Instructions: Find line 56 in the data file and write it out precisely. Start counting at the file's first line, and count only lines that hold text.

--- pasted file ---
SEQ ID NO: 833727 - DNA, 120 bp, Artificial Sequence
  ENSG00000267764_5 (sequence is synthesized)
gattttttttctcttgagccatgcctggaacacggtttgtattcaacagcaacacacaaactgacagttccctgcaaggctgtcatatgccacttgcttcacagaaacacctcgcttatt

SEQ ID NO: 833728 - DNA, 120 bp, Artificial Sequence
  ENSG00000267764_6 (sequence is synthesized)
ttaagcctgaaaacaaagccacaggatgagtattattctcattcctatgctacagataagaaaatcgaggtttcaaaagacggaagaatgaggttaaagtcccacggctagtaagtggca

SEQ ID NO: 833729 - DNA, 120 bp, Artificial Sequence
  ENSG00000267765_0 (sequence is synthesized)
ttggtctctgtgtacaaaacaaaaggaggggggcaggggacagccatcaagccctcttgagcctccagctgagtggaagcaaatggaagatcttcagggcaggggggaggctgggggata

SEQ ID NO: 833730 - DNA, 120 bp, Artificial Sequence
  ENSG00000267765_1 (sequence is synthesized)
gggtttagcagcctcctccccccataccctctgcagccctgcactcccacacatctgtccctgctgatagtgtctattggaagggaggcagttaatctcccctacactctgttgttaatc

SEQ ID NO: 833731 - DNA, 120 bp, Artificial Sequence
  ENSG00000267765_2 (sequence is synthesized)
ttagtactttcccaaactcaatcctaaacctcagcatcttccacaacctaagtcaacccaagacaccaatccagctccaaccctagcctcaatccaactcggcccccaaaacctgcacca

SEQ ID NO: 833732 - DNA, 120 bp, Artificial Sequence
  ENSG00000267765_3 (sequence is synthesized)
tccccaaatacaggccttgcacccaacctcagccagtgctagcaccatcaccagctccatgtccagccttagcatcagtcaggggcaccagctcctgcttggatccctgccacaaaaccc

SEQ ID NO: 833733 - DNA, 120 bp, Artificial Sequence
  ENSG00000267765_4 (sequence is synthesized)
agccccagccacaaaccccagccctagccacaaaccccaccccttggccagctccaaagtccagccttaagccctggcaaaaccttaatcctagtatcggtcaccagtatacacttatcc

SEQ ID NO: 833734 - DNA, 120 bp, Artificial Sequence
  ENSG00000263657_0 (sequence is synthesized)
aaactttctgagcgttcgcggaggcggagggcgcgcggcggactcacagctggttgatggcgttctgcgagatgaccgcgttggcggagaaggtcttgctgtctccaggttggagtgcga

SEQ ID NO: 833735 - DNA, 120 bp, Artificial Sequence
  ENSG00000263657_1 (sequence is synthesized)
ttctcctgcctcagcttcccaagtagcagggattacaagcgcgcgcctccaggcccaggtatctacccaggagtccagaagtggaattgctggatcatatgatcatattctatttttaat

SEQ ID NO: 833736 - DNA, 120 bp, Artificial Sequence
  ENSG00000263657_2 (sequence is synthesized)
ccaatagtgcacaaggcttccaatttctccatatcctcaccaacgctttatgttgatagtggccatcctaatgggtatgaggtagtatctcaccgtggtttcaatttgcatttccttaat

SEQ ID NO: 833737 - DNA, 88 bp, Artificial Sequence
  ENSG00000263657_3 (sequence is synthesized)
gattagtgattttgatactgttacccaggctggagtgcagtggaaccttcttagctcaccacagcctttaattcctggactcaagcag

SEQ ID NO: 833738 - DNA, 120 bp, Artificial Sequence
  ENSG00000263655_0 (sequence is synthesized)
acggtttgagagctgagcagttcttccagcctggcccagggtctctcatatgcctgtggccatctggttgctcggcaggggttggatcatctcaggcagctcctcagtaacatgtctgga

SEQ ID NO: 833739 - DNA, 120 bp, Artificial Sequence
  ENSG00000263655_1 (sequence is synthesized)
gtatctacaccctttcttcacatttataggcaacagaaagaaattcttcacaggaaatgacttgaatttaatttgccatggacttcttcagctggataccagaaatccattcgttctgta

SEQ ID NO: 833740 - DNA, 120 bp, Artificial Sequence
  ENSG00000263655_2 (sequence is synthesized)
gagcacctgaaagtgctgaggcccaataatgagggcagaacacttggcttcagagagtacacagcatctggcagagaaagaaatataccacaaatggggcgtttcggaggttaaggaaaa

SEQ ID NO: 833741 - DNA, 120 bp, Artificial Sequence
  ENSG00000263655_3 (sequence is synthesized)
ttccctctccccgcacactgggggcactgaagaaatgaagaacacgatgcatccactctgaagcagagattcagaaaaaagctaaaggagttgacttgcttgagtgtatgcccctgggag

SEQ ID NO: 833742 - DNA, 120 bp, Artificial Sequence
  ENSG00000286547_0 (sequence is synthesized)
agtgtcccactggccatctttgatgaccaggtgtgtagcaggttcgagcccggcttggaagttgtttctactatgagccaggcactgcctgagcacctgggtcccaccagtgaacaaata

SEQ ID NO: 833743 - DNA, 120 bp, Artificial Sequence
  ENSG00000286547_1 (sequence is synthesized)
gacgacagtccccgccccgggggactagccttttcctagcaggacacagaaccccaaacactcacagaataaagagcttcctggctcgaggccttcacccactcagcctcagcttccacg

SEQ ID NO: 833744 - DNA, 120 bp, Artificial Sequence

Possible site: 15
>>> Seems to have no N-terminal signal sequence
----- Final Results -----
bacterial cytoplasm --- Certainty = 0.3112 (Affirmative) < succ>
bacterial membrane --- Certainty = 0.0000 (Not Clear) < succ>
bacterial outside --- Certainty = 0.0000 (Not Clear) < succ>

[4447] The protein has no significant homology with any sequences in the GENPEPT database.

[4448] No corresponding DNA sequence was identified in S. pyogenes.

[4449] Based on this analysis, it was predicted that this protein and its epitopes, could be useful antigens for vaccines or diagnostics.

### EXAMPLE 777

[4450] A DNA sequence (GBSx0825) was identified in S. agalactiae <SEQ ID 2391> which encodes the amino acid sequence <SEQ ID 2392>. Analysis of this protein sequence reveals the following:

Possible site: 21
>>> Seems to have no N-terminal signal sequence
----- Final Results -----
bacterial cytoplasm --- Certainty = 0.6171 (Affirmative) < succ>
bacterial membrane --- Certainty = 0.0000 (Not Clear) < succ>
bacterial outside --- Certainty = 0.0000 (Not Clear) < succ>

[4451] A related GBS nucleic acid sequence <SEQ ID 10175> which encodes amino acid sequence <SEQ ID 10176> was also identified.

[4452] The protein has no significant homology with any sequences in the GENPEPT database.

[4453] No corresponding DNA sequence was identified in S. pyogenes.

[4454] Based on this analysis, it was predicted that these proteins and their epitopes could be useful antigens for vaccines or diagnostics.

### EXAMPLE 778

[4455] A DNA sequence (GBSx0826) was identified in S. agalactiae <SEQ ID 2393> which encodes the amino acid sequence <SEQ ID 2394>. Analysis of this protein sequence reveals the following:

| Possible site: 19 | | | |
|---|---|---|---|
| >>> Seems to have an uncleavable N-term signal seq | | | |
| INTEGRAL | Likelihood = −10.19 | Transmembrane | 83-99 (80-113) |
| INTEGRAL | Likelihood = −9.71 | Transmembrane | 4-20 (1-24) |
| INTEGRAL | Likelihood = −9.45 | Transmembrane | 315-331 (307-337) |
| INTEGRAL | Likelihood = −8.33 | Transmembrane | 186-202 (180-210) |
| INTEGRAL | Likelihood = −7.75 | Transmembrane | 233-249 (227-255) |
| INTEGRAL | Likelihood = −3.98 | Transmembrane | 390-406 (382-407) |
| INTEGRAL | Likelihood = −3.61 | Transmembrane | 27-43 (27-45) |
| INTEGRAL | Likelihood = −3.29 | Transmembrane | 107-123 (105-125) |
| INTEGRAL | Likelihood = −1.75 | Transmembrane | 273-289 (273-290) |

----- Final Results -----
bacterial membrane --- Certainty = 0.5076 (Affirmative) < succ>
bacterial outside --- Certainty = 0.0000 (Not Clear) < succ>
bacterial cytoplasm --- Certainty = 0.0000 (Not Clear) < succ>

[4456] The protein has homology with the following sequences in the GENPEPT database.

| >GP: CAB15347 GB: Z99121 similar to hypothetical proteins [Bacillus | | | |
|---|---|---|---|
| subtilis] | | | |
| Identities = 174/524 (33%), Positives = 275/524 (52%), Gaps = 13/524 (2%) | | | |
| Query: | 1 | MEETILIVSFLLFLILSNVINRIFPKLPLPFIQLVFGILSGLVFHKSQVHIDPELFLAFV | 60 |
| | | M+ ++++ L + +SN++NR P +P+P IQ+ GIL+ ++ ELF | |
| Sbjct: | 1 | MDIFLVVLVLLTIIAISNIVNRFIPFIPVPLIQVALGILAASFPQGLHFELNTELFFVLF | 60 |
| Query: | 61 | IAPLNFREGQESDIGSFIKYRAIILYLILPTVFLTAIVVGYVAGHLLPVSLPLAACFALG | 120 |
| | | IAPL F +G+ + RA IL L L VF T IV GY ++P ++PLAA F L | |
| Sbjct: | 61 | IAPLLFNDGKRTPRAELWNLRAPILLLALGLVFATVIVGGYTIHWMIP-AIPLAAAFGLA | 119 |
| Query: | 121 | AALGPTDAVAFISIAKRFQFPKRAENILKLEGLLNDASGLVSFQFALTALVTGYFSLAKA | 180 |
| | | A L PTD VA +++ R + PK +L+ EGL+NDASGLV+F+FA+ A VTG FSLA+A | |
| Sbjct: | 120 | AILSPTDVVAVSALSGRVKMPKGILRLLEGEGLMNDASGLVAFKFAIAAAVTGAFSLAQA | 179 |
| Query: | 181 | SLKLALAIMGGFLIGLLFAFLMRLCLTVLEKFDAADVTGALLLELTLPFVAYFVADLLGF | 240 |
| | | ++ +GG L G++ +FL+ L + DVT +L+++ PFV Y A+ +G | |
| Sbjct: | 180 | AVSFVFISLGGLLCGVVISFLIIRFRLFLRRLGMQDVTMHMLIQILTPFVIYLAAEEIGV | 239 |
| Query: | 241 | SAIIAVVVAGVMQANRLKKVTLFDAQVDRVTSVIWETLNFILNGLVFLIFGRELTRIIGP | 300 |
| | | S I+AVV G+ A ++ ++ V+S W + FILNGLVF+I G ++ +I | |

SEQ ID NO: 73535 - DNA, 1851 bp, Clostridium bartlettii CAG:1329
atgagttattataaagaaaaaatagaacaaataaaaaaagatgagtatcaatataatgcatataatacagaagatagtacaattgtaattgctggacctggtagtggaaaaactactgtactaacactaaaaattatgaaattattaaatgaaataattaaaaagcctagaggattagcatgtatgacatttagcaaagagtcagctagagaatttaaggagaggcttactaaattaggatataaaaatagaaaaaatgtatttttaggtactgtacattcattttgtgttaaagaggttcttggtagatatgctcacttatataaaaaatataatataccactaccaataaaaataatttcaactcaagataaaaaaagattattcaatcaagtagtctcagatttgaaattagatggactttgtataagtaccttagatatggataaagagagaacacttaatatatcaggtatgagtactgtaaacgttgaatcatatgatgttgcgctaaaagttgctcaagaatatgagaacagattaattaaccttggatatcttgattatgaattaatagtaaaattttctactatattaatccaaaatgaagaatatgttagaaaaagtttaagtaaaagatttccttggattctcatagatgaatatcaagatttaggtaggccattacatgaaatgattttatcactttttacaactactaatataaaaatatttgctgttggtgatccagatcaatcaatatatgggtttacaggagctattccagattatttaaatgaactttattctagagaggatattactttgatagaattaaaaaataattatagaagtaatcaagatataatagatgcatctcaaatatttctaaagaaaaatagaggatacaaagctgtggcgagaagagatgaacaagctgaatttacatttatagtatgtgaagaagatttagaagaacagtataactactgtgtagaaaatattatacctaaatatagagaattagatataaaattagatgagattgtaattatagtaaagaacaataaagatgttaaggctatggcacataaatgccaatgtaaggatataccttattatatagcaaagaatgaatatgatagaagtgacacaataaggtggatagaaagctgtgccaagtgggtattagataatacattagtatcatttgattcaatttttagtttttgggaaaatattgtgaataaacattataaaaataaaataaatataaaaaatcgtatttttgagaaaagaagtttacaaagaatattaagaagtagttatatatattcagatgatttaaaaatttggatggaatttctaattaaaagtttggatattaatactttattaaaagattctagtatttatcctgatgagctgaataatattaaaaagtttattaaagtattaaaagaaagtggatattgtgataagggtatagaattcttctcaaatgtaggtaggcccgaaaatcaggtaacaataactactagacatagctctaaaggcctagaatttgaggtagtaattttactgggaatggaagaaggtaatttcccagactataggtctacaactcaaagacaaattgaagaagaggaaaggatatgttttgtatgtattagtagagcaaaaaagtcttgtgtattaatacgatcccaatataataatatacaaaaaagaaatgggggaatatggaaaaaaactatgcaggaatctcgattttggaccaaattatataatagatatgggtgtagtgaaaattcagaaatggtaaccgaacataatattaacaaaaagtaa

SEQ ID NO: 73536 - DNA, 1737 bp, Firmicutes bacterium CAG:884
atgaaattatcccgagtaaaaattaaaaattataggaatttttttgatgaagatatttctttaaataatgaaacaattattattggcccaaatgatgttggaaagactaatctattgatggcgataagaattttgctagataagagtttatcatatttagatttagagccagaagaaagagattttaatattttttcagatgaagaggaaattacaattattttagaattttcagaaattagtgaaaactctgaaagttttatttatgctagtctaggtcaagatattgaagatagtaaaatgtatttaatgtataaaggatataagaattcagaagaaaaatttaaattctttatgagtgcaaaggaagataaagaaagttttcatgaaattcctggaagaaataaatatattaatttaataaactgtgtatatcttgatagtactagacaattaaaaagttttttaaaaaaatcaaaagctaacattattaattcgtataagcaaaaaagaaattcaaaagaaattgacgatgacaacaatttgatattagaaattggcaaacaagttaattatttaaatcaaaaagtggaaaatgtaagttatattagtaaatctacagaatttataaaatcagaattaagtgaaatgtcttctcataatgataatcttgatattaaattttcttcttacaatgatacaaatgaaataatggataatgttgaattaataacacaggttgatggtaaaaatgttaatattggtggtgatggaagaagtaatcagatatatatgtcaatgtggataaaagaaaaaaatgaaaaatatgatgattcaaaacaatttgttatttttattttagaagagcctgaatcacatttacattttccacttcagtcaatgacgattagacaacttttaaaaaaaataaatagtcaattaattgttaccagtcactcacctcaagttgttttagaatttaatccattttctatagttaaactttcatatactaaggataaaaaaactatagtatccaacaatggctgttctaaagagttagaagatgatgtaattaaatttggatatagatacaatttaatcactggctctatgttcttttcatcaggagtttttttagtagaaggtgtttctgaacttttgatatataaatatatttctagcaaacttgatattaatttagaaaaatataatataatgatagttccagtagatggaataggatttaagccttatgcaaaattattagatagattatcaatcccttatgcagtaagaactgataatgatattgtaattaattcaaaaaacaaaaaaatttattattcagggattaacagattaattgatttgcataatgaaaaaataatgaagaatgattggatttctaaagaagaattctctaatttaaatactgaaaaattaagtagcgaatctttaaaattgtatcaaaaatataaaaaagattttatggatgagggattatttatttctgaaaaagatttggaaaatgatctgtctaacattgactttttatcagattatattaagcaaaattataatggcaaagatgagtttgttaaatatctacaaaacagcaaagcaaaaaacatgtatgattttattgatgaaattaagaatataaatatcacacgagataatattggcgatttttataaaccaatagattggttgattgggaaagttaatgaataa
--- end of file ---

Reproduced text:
bacterial cytoplasm --- Certainty = 0.3112 (Affirmative) < succ>